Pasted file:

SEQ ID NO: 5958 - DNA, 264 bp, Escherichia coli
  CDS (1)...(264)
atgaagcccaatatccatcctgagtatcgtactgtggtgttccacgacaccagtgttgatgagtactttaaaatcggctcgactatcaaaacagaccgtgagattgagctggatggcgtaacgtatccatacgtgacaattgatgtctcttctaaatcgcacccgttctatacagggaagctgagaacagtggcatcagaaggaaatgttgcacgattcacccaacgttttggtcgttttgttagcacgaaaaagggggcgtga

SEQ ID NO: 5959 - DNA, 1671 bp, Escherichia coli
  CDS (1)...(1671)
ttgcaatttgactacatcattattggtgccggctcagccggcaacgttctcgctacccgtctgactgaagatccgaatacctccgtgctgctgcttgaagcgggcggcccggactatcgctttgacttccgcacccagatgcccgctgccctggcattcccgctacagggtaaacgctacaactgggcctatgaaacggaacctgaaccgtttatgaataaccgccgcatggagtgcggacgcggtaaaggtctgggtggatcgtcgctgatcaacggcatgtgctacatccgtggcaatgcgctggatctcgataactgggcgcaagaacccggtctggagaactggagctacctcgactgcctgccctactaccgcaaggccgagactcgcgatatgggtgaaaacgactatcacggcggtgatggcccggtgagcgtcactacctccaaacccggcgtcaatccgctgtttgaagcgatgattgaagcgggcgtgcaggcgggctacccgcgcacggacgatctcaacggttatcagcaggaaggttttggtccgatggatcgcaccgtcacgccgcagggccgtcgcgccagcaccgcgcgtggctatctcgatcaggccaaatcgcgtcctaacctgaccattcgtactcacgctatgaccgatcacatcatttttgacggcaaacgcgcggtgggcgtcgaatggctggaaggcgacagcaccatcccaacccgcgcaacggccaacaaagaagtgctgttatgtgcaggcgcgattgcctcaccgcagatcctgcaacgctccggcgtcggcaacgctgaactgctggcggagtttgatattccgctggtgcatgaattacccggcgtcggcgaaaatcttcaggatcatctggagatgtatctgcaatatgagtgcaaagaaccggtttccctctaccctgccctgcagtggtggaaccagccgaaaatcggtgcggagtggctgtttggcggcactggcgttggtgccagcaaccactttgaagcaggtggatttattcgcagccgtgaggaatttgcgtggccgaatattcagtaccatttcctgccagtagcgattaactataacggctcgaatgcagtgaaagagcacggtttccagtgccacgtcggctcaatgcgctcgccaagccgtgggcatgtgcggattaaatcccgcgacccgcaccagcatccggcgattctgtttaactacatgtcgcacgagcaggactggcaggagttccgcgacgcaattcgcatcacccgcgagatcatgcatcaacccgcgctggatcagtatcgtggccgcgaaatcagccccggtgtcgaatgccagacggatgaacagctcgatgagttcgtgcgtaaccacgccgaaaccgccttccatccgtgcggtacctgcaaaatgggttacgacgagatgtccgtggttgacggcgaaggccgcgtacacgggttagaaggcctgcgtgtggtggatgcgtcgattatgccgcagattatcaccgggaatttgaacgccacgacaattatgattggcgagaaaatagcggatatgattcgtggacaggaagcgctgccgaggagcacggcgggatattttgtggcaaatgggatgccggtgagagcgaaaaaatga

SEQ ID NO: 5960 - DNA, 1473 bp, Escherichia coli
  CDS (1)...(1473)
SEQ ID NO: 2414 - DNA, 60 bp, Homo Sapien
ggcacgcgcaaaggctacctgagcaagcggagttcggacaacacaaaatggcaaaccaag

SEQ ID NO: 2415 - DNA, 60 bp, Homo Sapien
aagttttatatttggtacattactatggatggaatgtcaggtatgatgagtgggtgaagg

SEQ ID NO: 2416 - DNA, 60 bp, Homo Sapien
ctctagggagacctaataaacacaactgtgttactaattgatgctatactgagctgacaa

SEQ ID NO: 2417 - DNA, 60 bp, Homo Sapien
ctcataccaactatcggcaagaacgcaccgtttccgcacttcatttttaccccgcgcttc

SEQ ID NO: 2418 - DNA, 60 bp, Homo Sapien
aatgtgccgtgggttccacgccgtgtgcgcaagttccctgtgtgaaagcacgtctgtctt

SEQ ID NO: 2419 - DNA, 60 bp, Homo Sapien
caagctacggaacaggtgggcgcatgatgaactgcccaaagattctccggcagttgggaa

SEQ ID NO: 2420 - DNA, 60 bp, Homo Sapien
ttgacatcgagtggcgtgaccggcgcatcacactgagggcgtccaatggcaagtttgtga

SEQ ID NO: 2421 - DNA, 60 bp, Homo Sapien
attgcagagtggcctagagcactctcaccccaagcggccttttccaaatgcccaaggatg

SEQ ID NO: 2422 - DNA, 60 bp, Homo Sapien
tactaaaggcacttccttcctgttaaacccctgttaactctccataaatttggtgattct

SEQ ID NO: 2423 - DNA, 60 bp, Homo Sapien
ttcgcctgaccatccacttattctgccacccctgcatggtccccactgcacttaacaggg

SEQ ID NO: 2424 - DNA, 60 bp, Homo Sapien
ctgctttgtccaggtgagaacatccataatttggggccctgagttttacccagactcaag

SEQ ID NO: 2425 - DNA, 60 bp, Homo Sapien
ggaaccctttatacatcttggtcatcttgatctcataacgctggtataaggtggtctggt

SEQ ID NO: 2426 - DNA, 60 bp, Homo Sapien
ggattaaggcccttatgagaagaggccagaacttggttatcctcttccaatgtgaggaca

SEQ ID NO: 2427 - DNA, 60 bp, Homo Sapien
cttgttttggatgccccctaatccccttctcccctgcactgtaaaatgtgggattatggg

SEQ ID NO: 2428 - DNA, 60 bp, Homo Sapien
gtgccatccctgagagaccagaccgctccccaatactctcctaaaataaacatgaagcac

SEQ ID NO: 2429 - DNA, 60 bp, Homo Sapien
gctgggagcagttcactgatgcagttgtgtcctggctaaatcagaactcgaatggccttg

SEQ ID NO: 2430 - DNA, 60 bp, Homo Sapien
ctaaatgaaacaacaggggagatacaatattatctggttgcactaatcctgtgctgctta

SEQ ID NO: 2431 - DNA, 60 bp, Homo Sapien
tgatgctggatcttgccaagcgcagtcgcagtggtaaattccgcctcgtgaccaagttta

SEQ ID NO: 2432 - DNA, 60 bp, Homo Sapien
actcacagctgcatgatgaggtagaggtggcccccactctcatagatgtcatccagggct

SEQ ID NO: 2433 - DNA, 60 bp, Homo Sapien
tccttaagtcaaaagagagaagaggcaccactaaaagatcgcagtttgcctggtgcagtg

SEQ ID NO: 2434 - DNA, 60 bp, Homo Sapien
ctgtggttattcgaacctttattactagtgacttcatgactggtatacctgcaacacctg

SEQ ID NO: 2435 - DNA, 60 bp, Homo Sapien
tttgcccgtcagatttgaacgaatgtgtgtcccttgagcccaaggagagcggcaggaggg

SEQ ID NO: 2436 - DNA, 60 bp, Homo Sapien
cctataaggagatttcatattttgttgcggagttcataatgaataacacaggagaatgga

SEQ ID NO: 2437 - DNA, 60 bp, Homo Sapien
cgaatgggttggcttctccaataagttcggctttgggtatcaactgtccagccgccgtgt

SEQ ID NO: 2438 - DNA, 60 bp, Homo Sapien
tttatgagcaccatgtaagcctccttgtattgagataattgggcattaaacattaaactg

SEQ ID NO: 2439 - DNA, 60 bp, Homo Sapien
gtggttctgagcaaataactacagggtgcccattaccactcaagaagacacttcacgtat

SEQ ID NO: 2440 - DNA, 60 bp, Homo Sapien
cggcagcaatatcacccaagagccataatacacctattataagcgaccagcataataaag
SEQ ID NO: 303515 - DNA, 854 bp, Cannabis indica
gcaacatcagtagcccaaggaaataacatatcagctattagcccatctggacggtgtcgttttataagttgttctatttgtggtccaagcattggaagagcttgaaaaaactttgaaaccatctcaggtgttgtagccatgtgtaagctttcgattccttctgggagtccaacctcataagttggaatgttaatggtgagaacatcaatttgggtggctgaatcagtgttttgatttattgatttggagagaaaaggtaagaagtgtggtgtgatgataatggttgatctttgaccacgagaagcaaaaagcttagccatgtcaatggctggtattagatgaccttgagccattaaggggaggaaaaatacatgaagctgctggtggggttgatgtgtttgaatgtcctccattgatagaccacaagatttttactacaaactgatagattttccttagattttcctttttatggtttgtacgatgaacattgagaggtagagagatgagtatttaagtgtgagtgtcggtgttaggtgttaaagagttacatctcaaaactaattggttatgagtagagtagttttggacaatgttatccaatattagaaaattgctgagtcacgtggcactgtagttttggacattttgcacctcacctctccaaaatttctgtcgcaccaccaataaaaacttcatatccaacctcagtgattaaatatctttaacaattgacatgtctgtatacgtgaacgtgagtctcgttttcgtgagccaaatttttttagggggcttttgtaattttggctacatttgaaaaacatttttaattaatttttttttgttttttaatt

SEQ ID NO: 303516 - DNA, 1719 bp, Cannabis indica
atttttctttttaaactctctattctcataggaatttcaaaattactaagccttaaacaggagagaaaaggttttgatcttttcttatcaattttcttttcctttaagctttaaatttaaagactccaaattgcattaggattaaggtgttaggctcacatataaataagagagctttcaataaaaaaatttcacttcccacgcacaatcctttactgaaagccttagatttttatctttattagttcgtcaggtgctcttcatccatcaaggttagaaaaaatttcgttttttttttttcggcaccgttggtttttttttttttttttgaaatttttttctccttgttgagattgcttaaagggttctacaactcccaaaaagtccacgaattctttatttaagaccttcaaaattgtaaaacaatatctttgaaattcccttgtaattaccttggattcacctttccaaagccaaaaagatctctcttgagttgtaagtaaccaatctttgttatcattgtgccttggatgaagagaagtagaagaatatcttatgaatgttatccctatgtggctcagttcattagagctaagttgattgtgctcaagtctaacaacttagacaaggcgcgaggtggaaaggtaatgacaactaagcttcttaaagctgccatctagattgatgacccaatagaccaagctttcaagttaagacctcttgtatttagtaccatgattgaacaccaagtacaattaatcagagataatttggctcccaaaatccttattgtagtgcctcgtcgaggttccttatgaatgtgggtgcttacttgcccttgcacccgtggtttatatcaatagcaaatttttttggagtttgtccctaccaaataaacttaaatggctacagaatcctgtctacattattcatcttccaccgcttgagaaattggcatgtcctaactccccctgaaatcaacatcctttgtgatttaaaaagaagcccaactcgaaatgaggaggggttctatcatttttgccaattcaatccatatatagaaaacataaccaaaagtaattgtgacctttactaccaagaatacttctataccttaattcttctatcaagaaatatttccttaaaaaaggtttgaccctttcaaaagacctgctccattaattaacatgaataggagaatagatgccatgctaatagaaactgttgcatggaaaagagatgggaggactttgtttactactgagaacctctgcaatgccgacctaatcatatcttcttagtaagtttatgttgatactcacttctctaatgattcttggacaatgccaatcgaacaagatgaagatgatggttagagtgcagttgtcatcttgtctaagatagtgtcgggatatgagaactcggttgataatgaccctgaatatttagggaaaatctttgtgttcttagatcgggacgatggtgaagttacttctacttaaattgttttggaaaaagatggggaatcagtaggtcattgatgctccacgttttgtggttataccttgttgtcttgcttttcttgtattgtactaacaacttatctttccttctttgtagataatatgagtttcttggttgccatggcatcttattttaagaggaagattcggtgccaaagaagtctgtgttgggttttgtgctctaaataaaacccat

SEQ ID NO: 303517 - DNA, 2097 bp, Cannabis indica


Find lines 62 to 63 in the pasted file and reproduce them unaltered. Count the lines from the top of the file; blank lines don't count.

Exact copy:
cggcagcaatatcacccaagagccataatacacctattataagcgaccagcataataaag
SEQ ID NO: 303515 - DNA, 854 bp, Cannabis indica